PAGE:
Joe Yonan is the renowned, award-winning dining editor of The Washington Post, and author of a phenomenal new cookbook that asks some of America’s most beloved chefs: What do you make at home? The result is a collection of simple, easy-to-make recipes — because who wants to spend hours at the stove on their day off, right? This highly comforting dish from star chef Mario Batali takes the idea of pasta, marinara sauce, basil and cheese and expertly spins them all together in one delicious bowl of tomato soup teeming with tender goat cheese gnudi.
- 2 tablespoons extra-virgin olive oil
- 2 tablespoons unsalted butter
- 1 red onion, finely chopped
- 4 large cloves garlic, thinly sliced
- 1/4 cup chopped dry-packed sun-dried tomatoes
- 3 tablespoons all-purpose flour
- 3 cups low-sodium chicken broth
- 1 large can whole San Marzano tomatoes
- 1 tablespoon sugar
- 1 tablespoon fresh thyme leaves
- kosher salt and freshly ground pepper
- 3/4 pound fresh soft goat cheese (1 1/2 cups)
- 3 large eggs
- 1/2 teaspoon freshly grated nutmeg
- 1 teaspoon kosher salt
- 1 teaspoon freshly ground black pepper
- 5 tablespoons all-purpose flour, plus 1/2 cup for dredging
- Leaves from 1 bunch fresh basil for garnish
For the soup
In a large pot, heat the oil and butter over medium heat until the butter melts. Add the onion, garlic, and sun-dried tomatoes and cook, stirring occasionally, until soft but not browned, about 6 minutes. Add the flour, stir to coat the onion and garlic, and cook, stirring, for 5 minutes more.
Add the broth, tomatoes and their juices, sugar, and thyme. Using a wooden spoon, smash the tomatoes against the side of the pot to break them up. Bring to a boil over medium-high heat while stirring the mixture. Reduce the heat to low, cover, and simmer for 40 minutes.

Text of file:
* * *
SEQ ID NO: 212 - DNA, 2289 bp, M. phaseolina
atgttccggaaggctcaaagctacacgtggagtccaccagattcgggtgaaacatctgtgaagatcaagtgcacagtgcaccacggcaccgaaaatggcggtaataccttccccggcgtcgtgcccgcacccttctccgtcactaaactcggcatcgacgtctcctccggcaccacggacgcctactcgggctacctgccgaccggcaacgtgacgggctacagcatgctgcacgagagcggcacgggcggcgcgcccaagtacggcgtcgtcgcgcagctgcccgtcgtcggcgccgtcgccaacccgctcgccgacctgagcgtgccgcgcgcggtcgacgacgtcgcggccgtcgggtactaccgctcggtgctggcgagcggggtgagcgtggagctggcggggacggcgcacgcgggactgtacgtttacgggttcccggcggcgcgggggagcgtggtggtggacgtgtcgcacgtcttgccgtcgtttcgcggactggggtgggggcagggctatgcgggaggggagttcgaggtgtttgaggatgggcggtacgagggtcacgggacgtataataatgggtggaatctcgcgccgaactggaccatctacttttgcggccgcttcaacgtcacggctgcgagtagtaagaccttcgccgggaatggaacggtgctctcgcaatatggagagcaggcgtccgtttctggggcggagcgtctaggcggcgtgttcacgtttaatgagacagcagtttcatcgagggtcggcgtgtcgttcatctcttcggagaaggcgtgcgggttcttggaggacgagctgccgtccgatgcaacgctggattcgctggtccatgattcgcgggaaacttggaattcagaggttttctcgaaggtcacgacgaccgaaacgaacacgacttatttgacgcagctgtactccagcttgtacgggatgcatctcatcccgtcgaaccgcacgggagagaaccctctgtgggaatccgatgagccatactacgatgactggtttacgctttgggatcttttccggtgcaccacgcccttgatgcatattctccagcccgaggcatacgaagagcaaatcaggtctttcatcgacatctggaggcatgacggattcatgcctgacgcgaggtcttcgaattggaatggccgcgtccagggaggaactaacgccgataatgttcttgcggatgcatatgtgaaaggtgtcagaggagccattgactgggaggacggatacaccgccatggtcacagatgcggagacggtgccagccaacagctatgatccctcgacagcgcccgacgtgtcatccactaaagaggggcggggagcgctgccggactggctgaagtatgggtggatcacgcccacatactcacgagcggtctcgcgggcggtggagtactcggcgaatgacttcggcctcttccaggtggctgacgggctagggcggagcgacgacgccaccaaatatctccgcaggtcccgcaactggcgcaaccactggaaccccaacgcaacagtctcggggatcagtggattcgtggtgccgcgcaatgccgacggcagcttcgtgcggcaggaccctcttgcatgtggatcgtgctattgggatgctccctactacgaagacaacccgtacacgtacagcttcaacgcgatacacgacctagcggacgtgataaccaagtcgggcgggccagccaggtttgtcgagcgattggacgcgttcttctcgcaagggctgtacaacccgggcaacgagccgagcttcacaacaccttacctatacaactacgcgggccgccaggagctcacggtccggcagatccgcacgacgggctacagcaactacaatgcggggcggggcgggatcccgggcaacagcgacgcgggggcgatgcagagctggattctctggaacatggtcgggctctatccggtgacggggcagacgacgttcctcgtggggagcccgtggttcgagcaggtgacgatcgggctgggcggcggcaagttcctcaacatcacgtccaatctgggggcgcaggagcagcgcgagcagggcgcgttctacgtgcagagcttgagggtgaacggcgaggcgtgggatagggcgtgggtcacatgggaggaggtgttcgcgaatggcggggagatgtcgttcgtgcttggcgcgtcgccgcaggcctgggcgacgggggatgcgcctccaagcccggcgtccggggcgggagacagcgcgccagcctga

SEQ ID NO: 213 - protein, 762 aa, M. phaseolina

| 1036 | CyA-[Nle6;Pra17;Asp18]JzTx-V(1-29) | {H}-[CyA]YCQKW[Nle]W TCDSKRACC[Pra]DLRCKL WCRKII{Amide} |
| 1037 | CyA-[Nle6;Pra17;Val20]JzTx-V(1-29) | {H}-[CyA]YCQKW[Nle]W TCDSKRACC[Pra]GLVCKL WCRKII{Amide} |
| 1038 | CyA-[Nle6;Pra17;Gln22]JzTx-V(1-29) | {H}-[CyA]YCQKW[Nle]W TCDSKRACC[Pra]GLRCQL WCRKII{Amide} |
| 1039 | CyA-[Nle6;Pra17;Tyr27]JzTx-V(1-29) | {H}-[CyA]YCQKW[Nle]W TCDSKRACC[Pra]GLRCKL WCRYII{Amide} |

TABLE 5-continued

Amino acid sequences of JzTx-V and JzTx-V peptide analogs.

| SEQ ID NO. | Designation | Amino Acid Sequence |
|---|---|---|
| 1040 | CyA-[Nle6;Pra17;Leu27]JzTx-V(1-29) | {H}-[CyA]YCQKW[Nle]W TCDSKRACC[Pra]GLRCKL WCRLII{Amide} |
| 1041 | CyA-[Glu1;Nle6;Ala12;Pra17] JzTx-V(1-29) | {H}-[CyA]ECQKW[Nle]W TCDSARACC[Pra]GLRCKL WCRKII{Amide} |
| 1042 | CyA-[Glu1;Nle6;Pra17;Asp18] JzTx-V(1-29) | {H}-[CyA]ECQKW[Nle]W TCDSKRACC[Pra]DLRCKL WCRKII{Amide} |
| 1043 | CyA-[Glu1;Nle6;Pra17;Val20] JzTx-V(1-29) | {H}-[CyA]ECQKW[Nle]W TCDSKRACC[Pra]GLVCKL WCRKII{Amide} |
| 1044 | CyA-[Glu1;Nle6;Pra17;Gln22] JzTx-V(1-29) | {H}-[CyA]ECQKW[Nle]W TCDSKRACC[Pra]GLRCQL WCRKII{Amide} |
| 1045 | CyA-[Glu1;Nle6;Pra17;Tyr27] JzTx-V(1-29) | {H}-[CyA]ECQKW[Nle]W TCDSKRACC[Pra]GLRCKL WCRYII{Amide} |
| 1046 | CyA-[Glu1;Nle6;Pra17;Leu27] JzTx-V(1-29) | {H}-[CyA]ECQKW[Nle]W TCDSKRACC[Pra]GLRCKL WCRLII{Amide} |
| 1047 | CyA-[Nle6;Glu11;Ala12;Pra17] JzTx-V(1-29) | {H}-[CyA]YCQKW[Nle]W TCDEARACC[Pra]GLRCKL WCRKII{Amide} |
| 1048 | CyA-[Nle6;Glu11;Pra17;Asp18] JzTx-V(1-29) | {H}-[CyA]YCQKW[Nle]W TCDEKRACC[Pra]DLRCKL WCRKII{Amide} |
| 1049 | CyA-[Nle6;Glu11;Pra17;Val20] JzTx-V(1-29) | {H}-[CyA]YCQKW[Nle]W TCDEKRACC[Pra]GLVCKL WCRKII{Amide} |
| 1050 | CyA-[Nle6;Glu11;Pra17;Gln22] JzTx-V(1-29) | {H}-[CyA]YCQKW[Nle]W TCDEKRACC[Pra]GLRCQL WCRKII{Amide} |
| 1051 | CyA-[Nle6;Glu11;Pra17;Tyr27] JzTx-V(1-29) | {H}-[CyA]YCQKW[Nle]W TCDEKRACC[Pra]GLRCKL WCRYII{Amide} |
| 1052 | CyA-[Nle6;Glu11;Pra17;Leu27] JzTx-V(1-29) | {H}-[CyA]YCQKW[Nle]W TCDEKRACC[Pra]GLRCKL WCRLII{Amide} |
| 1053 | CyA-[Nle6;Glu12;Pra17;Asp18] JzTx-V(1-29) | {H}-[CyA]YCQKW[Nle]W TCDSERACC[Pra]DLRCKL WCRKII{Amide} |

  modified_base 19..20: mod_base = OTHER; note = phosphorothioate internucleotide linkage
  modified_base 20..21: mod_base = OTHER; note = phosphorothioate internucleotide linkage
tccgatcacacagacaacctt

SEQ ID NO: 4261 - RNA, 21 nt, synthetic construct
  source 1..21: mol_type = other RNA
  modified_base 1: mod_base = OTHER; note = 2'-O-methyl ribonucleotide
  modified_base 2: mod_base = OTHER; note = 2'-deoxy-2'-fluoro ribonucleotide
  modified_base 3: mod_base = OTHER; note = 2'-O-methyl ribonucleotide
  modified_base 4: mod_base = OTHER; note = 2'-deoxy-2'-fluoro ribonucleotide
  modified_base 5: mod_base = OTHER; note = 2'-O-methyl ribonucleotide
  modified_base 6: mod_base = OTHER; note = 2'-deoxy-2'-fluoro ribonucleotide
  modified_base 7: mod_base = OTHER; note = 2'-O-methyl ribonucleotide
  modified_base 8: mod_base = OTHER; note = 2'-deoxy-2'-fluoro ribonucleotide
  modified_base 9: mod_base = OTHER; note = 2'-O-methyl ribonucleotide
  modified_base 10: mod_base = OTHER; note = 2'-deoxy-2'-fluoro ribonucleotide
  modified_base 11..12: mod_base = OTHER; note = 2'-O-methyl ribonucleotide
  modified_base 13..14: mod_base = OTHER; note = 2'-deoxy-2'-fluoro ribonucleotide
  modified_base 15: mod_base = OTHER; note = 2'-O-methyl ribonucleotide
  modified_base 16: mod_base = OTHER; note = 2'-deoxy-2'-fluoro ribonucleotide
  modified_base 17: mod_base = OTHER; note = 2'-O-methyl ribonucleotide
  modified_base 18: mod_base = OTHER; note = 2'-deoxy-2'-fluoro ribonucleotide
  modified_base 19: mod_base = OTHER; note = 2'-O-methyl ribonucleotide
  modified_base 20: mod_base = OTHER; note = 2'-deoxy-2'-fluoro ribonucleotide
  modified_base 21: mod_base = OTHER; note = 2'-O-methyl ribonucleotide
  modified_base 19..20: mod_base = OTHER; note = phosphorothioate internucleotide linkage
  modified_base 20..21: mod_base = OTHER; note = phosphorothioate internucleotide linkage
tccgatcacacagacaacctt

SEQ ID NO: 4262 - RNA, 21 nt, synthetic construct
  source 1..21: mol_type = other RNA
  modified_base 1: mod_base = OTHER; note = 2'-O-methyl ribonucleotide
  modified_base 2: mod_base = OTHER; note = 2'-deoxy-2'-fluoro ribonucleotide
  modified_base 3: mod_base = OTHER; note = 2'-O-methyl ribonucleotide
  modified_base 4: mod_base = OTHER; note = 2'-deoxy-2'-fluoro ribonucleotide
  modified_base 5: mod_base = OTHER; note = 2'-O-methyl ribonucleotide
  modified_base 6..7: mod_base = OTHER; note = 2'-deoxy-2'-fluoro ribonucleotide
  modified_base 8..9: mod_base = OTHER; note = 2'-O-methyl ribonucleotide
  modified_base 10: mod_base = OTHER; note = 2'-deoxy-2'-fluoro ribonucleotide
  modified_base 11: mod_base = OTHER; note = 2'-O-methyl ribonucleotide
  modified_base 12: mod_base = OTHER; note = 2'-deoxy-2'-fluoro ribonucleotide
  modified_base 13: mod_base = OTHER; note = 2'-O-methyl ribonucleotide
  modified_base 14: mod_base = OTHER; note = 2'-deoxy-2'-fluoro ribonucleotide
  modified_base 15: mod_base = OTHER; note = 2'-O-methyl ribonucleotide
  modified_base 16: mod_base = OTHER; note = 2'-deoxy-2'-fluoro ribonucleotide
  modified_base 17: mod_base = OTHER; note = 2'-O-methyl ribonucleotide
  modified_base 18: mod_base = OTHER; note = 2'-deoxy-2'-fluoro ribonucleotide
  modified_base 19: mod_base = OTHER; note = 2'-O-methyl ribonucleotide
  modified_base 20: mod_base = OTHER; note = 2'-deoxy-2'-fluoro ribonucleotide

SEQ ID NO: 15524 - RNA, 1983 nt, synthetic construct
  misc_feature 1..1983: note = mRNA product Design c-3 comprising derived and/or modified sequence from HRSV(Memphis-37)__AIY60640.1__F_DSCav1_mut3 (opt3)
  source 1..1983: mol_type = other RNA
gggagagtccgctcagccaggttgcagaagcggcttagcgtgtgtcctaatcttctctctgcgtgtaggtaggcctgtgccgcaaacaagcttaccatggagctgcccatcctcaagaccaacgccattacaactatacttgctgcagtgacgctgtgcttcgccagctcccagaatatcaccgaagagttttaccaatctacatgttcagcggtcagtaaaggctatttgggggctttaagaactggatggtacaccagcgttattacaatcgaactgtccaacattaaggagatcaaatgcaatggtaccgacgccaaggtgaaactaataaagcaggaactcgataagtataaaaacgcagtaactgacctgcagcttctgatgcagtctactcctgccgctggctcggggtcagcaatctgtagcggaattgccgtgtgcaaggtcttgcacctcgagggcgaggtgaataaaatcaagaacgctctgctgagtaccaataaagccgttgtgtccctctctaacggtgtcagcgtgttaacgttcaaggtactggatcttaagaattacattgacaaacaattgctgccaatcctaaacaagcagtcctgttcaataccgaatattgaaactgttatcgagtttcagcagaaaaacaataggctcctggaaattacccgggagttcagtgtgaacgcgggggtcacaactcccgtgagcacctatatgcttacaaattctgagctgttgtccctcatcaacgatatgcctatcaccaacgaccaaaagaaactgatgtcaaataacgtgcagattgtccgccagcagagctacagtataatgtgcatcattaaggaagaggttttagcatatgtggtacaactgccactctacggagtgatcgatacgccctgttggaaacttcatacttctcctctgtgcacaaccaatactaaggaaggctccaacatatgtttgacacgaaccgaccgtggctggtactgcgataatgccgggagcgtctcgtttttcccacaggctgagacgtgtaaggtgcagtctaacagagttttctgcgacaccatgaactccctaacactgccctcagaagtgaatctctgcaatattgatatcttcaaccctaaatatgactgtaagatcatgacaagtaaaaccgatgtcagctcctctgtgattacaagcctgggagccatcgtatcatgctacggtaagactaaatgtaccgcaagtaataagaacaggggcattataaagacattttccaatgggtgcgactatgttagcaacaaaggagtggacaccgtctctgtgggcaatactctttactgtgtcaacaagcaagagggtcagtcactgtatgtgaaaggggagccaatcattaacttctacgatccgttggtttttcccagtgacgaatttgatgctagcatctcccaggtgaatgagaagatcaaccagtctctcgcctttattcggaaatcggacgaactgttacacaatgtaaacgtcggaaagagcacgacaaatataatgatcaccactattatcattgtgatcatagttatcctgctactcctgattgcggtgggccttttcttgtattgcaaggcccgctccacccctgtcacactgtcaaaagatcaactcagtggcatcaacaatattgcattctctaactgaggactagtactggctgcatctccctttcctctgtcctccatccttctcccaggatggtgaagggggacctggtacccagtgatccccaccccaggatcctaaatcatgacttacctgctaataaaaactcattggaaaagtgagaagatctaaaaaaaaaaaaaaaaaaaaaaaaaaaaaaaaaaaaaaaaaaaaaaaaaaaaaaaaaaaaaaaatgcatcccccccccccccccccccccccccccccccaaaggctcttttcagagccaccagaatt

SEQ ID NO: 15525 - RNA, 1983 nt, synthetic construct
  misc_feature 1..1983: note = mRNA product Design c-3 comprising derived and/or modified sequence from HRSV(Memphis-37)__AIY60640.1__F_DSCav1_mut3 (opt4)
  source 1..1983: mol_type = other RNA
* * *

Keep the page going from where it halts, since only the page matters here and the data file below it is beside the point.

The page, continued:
For the Gnudi
While the soup simmers, bring a large pot of salted water to a boil. Set up an ice bath. Sprinkle ½ cup flour on a baking sheet.
In a large bowl, mix together the goat cheese, Parmigiano-Reggiano, and eggs. Stir in the nutmeg, salt, pepper, and flour. Pinch the mixture into pieces the size of a quarter (about 1 inch), then drop them on the floured baking sheet. Gently form into balls and coat lightly with the flour to prevent sticking.
Slide the dumplings into the boiling water, being careful not to crowd them in the water; work in batches in necessary. After they float to the top and have cooked for about 4 minutes, remove the dumplings using a slotted spoon and place them in the ice bath to set. When completely chilled, transfer to a tray.
In a blender, blend the soup in batches until smooth. Rinse the pot and return the soup to the pot. (Or blend the soup in the pot using an immersion blender.) Season with salt and pepper. Set the pot over medium heat and return the soup to a high simmer. Add the chilled gnudi and cook over medium-low heat for 10 minutes. Do not allow to boil.
Serve warm, with a little of the basil sprinkled over each serving.